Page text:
1 pint liquid (570 mL I have a pint glass that I use. Liquid can be juice, milk/soy milk,even used coffee)
    1 cup All Bran
    1 cup sugar (any kind)

    Put all these ingredients together and leave to sit for one hour. Add 1 cup flour, put in a greased cake tin, bake for 1 hour at 180oC. It looks really runny, but the bran sucks up all the juice and helps it to hold together. This week I did it with coffee and dates and sent it to DH's work where I am now something of a culinary hero.

  6. #6
    Registered User

    Feb 2007

    Snugglybean- Thank you SO MUCH... missing cakes and breads etc the most!!!!

  7. #7
    Registered User

    Aug 2008

    Plenty more where that one came from!

    One of these days I will post a thread with all my recipes :-)

  8. #8
    Registered User

    Jan 2006

    Hi girls, this is going to sound like a bit of a rant but I am actually after some info from people who have obivously researched the issue.

    I have no problems with dairy (to my knowledge!!) but my DH is on lactose-free milk and both my boys can't seem to handle milk protein which SUCKS! It is such a pain not to just be able to give them cheese and normal lactose free milk and to have to constantly wonder if the are getting enought fats from avocado, linseed, sardines and so on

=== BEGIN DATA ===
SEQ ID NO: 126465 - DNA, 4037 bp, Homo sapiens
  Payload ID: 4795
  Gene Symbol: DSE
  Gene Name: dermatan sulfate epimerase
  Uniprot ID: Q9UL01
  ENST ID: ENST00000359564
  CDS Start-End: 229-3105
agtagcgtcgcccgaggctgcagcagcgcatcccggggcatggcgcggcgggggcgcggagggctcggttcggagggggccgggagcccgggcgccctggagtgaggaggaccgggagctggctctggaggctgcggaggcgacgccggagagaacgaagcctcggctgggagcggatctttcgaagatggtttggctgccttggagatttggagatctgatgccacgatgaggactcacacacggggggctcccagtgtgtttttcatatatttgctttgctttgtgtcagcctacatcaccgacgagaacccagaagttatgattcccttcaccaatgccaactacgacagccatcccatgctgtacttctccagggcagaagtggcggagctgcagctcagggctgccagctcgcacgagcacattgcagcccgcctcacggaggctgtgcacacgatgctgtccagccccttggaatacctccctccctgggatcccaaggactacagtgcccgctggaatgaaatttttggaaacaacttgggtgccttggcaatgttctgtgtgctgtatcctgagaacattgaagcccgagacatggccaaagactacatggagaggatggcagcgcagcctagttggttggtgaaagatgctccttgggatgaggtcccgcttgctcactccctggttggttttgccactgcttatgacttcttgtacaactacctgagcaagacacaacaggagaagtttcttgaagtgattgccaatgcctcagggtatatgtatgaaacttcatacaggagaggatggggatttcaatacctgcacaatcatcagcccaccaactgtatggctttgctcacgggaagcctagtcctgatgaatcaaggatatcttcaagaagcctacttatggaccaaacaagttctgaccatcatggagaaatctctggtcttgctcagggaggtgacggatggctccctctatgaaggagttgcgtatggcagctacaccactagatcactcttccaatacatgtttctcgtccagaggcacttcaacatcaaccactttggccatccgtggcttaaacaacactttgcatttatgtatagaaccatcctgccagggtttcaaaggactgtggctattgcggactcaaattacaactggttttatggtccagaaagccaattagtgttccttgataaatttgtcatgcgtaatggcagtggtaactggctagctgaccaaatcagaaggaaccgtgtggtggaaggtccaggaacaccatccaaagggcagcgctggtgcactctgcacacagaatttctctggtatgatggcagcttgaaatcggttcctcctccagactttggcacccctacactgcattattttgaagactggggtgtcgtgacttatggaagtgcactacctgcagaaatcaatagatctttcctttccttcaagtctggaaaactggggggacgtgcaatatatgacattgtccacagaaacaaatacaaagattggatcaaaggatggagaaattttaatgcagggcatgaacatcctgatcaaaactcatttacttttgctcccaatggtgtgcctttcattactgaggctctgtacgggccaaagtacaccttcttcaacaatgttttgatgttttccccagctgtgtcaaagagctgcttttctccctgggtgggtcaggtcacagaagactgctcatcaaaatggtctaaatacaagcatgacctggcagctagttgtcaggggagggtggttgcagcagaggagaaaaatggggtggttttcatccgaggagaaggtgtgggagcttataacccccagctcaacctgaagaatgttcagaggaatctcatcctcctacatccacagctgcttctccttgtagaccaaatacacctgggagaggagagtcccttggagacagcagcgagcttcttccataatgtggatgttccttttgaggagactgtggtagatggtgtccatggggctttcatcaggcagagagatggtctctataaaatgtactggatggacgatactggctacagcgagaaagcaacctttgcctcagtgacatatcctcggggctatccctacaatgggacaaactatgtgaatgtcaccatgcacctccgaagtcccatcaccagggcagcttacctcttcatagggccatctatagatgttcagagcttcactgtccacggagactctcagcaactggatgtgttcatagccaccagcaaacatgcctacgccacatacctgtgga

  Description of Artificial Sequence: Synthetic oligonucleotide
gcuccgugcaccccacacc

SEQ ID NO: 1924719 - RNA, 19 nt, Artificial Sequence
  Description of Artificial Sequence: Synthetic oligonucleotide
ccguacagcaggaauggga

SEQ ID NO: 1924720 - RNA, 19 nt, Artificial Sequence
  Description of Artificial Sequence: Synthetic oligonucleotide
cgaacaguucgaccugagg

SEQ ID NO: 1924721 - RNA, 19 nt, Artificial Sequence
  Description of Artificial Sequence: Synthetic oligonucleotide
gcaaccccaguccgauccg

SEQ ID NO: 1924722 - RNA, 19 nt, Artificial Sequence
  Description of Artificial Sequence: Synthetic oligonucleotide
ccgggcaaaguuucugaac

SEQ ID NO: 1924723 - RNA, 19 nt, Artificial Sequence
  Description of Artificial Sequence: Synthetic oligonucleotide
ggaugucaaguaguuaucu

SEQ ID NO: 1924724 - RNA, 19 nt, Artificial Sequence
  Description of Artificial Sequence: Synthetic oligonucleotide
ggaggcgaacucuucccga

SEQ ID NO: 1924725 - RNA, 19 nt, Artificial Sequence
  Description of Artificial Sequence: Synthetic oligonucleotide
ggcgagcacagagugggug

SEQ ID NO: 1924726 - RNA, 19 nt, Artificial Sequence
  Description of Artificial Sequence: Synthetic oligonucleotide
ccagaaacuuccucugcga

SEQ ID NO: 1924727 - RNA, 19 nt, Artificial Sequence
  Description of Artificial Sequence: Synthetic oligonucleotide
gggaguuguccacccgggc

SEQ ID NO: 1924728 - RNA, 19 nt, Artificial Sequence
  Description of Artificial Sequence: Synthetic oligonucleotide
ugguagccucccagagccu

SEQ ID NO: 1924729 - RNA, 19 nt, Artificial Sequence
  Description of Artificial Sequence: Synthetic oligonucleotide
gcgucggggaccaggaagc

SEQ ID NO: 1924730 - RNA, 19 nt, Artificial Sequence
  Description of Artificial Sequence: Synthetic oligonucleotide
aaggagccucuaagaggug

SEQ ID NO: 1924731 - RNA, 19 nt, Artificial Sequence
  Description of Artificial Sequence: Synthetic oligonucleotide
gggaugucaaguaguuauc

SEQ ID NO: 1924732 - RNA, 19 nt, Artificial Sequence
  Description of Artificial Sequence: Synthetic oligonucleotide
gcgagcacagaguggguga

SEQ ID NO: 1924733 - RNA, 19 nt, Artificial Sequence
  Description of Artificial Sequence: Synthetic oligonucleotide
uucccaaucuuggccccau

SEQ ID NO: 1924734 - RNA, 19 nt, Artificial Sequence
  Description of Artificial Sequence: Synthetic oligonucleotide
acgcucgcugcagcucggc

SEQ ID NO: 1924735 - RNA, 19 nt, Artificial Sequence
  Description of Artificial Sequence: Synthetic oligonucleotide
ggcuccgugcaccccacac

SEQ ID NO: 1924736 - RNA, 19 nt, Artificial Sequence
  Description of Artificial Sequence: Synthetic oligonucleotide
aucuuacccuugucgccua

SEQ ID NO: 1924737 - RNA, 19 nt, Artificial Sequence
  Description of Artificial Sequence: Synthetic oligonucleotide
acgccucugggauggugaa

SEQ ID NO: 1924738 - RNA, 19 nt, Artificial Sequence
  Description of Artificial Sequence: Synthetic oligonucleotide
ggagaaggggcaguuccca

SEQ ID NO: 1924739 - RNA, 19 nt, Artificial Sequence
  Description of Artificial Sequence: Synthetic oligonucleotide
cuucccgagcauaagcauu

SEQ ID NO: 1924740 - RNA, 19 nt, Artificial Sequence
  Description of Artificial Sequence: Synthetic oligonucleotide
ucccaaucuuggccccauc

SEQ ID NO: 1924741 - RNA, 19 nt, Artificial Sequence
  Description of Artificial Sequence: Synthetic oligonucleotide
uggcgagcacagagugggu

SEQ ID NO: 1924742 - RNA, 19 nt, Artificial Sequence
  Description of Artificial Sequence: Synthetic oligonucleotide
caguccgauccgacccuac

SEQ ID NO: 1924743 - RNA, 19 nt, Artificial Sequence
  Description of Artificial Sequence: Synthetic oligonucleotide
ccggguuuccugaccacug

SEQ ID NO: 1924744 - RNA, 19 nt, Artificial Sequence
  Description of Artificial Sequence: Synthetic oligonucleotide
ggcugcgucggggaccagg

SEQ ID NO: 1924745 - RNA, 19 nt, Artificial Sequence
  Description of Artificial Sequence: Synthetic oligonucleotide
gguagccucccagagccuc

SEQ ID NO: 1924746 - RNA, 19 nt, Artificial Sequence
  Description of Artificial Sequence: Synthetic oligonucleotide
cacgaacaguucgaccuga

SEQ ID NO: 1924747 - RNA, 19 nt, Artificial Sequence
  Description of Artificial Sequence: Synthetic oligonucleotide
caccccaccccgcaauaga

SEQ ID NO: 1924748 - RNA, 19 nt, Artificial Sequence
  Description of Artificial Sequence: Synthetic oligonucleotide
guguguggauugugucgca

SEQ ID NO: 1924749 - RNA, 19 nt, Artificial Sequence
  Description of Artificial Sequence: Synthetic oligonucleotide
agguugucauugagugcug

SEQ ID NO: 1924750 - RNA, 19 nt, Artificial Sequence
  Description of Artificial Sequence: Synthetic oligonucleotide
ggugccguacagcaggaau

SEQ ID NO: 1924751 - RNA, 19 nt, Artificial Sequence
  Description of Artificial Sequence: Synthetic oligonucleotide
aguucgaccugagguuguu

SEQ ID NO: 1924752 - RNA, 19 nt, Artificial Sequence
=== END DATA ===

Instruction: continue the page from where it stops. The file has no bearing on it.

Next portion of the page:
Most of my DH's family, though has a problem with milk, so I am not surprised (to the extent that one of my nephews couldn't handle even breastmilk without taking some lactase supplement before a feed). My question is does anyone in here know whether children tend to grow out of milk allergies/intolerances? I don't necessarily want to hijack LucaJack'sMum's thread so please feel free to PM if you prefer.

    LucaJack'sMum, you might find that if you google "gluten-free" cooking websites you will find plenty of great recipies, as many coeliacs are also dairy-intolerant. A guy I work with swears that adding applesauce to a chocolate cake recipie instead of butter works wonders, and you can always use Nutlex intead of butter in cooking

  9. #9
    Registered User

    Dec 2006
    In the Angelic Realm

    I became lactose intolerant after having DS.

    You also need to look out for whey powder too.

    There is a site on the net which has products listed which are dairy free. I found some dairy free dips and they are yummy. It is an australian based website- (Mods remove web address if necessary).

    I had a hydrogen breath test and was given an information pamphlet following the test and it says that cheese and yoghurts are tolerated ok by most lactose intolerant people. I find the cheese ok to tolerate but some yoghurts are really bad. Try Liddells for lactose free yoghurts.

    I take my own lactose free milk to get a cuppacino or latte made from coffee shops and they are ok with it.

    It is a bummer.

  10. #10
    Registered User

    Oct 2007

    I was born intolerant to milk, including breast milk.
    For the first 18 months of my life I would pass out, completely unconcious, on one drop of milk.

    I grew out of it but my cousin who was the same as me when she was born six months latter, has still not grown out of it more than 26 yrs latter.

    Good luck.